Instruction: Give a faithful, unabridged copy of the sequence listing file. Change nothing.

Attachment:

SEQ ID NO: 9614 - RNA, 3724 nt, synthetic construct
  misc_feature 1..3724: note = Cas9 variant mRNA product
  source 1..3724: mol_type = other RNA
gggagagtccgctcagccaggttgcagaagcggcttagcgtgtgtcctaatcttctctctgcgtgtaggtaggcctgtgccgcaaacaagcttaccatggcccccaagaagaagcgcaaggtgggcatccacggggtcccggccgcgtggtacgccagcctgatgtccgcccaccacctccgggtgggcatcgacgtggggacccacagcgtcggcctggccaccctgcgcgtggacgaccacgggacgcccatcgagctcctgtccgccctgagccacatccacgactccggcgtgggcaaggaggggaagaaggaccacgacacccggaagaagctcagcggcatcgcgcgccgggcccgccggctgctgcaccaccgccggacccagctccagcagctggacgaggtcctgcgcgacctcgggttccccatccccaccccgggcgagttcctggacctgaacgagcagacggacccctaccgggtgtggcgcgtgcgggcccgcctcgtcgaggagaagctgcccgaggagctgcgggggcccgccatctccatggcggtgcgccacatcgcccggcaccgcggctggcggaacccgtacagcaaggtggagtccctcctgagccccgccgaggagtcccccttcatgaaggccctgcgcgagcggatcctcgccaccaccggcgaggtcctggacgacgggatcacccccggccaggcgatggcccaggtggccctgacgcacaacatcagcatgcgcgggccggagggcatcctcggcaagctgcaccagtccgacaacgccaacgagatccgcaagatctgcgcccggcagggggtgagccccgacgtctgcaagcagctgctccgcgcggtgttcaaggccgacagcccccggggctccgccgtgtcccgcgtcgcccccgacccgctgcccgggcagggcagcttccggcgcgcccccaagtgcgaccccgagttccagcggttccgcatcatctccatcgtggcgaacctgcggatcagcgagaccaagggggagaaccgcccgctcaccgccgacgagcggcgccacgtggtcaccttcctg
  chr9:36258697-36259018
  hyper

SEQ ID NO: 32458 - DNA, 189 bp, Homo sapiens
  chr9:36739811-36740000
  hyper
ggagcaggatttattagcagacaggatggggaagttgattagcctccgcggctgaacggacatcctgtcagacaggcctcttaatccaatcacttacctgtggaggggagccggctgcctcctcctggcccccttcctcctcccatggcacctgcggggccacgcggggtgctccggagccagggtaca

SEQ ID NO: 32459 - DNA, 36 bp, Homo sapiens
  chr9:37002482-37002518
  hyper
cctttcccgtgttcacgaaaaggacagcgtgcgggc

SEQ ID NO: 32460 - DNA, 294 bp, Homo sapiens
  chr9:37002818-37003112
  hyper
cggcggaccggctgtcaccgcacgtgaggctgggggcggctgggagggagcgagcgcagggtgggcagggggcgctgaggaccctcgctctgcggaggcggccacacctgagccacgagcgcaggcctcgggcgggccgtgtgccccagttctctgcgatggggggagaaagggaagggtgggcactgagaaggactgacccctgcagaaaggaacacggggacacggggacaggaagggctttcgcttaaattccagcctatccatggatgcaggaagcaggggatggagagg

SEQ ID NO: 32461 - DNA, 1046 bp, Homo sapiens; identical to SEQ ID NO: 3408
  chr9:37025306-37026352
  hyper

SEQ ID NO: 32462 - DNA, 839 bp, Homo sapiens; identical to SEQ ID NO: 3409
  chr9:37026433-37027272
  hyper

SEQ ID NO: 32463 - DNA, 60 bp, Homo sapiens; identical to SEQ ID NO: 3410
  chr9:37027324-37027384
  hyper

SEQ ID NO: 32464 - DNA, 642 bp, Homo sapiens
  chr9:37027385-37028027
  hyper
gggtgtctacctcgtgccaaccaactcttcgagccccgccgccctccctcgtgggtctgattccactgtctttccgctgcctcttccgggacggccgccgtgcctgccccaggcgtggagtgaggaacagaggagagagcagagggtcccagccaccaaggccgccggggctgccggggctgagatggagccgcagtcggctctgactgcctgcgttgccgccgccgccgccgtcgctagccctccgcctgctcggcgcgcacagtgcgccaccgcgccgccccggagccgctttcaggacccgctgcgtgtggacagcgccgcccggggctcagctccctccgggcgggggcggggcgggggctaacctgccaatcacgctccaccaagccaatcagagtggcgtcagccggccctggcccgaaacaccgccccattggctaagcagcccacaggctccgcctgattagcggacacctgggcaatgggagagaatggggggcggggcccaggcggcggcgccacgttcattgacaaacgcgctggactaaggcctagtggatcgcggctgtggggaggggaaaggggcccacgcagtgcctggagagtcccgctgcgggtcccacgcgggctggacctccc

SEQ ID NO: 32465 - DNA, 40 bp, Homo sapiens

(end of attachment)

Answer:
SEQ ID NO: 9614 - RNA, 3724 nt, synthetic construct
  misc_feature 1..3724: note = Cas9 variant mRNA product
  source 1..3724: mol_type = other RNA
gggagagtccgctcagccaggttgcagaagcggcttagcgtgtgtcctaatcttctctctgcgtgtaggtaggcctgtgccgcaaacaagcttaccatggcccccaagaagaagcgcaaggtgggcatccacggggtcccggccgcgtggtacgccagcctgatgtccgcccaccacctccgggtgggcatcgacgtggggacccacagcgtcggcctggccaccctgcgcgtggacgaccacgggacgcccatcgagctcctgtccgccctgagccacatccacgactccggcgtgggcaaggaggggaagaaggaccacgacacccggaagaagctcagcggcatcgcgcgccgggcccgccggctgctgcaccaccgccggacccagctccagcagctggacgaggtcctgcgcgacctcgggttccccatccccaccccgggcgagttcctggacctgaacgagcagacggacccctaccgggtgtggcgcgtgcgggcccgcctcgtcgaggagaagctgcccgaggagctgcgggggcccgccatctccatggcggtgcgccacatcgcccggcaccgcggctggcggaacccgtacagcaaggtggagtccctcctgagccccgccgaggagtcccccttcatgaaggccctgcgcgagcggatcctcgccaccaccggcgaggtcctggacgacgggatcacccccggccaggcgatggcccaggtggccctgacgcacaacatcagcatgcgcgggccggagggcatcctcggcaagctgcaccagtccgacaacgccaacgagatccgcaagatctgcgcccggcagggggtgagccccgacgtctgcaagcagctgctccgcgcggtgttcaaggccgacagcccccggggctccgccgtgtcccgcgtcgcccccgacccgctgcccgggcagggcagcttccggcgcgcccccaagtgcgaccccgagttccagcggttccgcatcatctccatcgtggcgaacctgcggatcagcgagaccaagggggagaaccgcccgctcaccgccgacgagcggcgccacgtggtcaccttcctg
  chr9:36258697-36259018
  hyper

SEQ ID NO: 32458 - DNA, 189 bp, Homo sapiens
  chr9:36739811-36740000
  hyper
ggagcaggatttattagcagacaggatggggaagttgattagcctccgcggctgaacggacatcctgtcagacaggcctcttaatccaatcacttacctgtggaggggagccggctgcctcctcctggcccccttcctcctcccatggcacctgcggggccacgcggggtgctccggagccagggtaca

SEQ ID NO: 32459 - DNA, 36 bp, Homo sapiens
  chr9:37002482-37002518
  hyper
cctttcccgtgttcacgaaaaggacagcgtgcgggc

SEQ ID NO: 32460 - DNA, 294 bp, Homo sapiens
  chr9:37002818-37003112
  hyper
cggcggaccggctgtcaccgcacgtgaggctgggggcggctgggagggagcgagcgcagggtgggcagggggcgctgaggaccctcgctctgcggaggcggccacacctgagccacgagcgcaggcctcgggcgggccgtgtgccccagttctctgcgatggggggagaaagggaagggtgggcactgagaaggactgacccctgcagaaaggaacacggggacacggggacaggaagggctttcgcttaaattccagcctatccatggatgcaggaagcaggggatggagagg

SEQ ID NO: 32461 - DNA, 1046 bp, Homo sapiens; identical to SEQ ID NO: 3408
  chr9:37025306-37026352
  hyper

SEQ ID NO: 32462 - DNA, 839 bp, Homo sapiens; identical to SEQ ID NO: 3409
  chr9:37026433-37027272
  hyper

SEQ ID NO: 32463 - DNA, 60 bp, Homo sapiens; identical to SEQ ID NO: 3410
  chr9:37027324-37027384
  hyper

SEQ ID NO: 32464 - DNA, 642 bp, Homo sapiens
  chr9:37027385-37028027
  hyper
gggtgtctacctcgtgccaaccaactcttcgagccccgccgccctccctcgtgggtctgattccactgtctttccgctgcctcttccgggacggccgccgtgcctgccccaggcgtggagtgaggaacagaggagagagcagagggtcccagccaccaaggccgccggggctgccggggctgagatggagccgcagtcggctctgactgcctgcgttgccgccgccgccgccgtcgctagccctccgcctgctcggcgcgcacagtgcgccaccgcgccgccccggagccgctttcaggacccgctgcgtgtggacagcgccgcccggggctcagctccctccgggcgggggcggggcgggggctaacctgccaatcacgctccaccaagccaatcagagtggcgtcagccggccctggcccgaaacaccgccccattggctaagcagcccacaggctccgcctgattagcggacacctgggcaatgggagagaatggggggcggggcccaggcggcggcgccacgttcattgacaaacgcgctggactaaggcctagtggatcgcggctgtggggaggggaaaggggcccacgcagtgcctggagagtcccgctgcgggtcccacgcgggctggacctccc

SEQ ID NO: 32465 - DNA, 40 bp, Homo sapiens